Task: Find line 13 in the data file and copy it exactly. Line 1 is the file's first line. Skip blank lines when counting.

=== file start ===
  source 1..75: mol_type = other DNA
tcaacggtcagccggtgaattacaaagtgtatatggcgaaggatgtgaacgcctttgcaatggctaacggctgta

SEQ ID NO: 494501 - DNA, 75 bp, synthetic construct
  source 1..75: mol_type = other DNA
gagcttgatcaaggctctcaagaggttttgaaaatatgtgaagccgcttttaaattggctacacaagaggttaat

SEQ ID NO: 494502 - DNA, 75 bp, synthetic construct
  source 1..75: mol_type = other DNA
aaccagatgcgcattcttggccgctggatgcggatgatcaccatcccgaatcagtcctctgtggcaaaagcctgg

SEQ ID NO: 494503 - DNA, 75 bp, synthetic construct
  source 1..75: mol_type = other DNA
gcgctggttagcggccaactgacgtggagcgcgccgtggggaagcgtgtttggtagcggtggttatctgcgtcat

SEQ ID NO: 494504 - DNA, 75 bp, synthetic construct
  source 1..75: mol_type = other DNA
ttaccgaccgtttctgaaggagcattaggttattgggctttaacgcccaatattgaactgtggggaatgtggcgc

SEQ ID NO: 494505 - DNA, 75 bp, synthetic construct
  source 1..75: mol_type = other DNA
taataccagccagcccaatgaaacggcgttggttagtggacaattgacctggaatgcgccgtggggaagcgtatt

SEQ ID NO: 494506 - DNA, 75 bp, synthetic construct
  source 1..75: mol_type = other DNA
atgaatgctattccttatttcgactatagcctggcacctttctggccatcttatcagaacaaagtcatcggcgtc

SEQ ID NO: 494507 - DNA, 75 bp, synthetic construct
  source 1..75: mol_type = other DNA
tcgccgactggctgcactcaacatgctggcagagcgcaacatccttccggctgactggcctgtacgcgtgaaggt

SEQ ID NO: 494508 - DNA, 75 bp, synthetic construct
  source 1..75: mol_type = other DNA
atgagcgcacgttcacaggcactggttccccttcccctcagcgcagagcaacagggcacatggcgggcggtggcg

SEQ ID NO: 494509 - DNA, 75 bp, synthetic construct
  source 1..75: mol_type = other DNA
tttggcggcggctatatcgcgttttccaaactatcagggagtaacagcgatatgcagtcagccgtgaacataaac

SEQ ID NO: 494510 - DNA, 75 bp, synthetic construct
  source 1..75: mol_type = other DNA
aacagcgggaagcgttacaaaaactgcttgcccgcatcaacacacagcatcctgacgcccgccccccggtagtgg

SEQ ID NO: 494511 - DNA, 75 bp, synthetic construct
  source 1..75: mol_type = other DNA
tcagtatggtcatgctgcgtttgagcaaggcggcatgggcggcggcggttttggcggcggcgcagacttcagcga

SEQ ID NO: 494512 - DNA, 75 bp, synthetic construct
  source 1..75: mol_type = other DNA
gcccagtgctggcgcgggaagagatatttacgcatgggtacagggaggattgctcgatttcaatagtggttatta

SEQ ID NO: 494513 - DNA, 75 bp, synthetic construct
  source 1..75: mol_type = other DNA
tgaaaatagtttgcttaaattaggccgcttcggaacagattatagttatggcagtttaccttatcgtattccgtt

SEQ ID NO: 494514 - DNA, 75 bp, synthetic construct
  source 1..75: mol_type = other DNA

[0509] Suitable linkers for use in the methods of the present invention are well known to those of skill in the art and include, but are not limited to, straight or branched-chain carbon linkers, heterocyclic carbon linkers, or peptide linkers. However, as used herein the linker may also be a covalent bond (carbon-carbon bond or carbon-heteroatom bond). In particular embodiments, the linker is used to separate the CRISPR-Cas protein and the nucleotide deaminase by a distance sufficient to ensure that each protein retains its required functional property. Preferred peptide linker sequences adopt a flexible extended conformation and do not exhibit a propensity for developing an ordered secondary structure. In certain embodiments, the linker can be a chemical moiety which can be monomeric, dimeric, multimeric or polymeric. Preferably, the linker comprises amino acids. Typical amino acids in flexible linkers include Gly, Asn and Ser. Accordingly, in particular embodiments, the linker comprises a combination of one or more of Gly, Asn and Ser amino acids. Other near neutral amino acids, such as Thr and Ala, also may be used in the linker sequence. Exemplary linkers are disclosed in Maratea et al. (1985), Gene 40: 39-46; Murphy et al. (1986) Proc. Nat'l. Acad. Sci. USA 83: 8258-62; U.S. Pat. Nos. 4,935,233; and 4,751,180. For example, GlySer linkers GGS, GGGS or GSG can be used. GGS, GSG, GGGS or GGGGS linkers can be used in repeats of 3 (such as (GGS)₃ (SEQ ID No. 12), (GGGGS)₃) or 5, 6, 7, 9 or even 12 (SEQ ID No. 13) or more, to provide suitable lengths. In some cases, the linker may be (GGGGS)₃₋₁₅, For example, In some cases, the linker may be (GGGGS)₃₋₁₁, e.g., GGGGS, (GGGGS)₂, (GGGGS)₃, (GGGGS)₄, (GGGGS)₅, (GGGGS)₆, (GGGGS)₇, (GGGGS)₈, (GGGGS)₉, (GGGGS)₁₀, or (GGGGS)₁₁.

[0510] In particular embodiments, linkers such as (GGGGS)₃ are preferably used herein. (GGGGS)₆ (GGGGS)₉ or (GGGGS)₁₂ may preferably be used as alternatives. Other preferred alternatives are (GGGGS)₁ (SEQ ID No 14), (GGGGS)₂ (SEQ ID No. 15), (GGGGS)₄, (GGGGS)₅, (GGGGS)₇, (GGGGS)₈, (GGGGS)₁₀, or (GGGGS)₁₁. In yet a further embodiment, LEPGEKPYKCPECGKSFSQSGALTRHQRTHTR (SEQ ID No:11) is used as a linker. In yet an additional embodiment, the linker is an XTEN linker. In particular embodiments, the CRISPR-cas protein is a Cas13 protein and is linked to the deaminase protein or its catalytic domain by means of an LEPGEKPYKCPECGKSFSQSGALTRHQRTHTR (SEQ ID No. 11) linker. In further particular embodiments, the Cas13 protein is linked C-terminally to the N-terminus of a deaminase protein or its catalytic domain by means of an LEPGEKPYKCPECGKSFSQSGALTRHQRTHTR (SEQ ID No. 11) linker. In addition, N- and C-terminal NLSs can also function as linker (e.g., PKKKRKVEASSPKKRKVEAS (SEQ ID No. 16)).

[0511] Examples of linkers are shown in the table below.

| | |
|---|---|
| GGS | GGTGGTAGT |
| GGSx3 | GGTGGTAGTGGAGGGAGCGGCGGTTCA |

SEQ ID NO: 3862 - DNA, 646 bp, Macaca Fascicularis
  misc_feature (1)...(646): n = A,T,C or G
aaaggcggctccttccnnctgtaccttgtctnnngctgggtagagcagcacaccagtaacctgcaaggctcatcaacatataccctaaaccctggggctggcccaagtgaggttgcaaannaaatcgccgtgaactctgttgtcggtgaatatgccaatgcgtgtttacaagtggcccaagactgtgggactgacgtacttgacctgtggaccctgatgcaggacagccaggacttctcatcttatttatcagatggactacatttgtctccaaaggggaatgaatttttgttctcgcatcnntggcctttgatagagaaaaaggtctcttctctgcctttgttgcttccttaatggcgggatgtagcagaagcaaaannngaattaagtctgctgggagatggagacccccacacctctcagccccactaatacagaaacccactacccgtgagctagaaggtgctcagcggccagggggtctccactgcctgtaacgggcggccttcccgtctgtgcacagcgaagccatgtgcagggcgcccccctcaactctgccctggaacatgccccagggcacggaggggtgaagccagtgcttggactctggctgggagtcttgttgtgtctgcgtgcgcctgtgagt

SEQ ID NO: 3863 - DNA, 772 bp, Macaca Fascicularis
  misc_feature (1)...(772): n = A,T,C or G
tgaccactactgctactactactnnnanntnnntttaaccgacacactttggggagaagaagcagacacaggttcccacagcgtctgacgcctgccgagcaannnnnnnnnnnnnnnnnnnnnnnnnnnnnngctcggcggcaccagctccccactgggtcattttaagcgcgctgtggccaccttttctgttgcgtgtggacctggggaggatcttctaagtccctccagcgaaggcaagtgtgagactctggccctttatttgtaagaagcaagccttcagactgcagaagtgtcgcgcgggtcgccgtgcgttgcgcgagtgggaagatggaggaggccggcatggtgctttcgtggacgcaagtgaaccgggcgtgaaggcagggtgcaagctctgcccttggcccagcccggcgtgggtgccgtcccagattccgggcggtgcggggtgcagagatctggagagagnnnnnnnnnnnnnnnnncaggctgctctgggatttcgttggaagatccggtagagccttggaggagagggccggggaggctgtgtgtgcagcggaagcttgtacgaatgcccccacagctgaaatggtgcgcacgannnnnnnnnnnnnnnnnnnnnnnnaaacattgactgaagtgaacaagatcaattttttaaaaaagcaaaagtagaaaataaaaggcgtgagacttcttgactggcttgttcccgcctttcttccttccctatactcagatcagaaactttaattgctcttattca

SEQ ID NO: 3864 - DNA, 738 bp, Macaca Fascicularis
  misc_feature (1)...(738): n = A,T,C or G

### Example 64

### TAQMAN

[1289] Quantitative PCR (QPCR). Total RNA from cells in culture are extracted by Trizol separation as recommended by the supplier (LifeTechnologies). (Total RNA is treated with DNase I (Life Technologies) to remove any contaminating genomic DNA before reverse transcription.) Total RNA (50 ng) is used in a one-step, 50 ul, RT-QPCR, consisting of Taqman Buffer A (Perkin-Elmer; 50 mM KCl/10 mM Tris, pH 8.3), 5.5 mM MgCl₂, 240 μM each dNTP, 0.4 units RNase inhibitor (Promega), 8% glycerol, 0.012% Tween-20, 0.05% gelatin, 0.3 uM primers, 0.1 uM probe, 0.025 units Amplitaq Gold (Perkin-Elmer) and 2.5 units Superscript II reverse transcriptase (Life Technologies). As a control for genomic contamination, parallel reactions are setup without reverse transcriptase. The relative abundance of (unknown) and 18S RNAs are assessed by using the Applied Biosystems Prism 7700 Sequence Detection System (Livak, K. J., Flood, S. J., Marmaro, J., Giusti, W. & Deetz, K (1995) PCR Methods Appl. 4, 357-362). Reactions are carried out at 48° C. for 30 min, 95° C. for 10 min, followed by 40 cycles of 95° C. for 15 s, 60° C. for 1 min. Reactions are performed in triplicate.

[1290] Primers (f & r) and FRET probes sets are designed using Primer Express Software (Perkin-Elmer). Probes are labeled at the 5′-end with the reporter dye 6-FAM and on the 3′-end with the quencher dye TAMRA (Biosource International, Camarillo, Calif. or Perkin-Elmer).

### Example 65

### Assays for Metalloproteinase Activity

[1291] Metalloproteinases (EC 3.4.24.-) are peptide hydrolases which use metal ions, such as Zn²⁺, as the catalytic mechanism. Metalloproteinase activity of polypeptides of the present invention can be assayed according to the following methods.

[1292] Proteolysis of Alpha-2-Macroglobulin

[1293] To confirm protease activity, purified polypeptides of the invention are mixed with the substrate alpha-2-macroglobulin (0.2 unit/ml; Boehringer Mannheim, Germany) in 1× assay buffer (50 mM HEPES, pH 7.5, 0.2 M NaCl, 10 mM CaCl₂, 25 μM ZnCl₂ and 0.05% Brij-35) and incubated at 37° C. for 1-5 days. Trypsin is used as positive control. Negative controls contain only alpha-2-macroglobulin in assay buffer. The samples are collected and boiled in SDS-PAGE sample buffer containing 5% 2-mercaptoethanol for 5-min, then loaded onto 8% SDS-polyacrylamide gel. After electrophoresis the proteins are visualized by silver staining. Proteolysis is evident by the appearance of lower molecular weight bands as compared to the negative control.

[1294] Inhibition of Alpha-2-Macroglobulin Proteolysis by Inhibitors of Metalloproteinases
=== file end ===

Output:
  source 1..75: mol_type = other DNA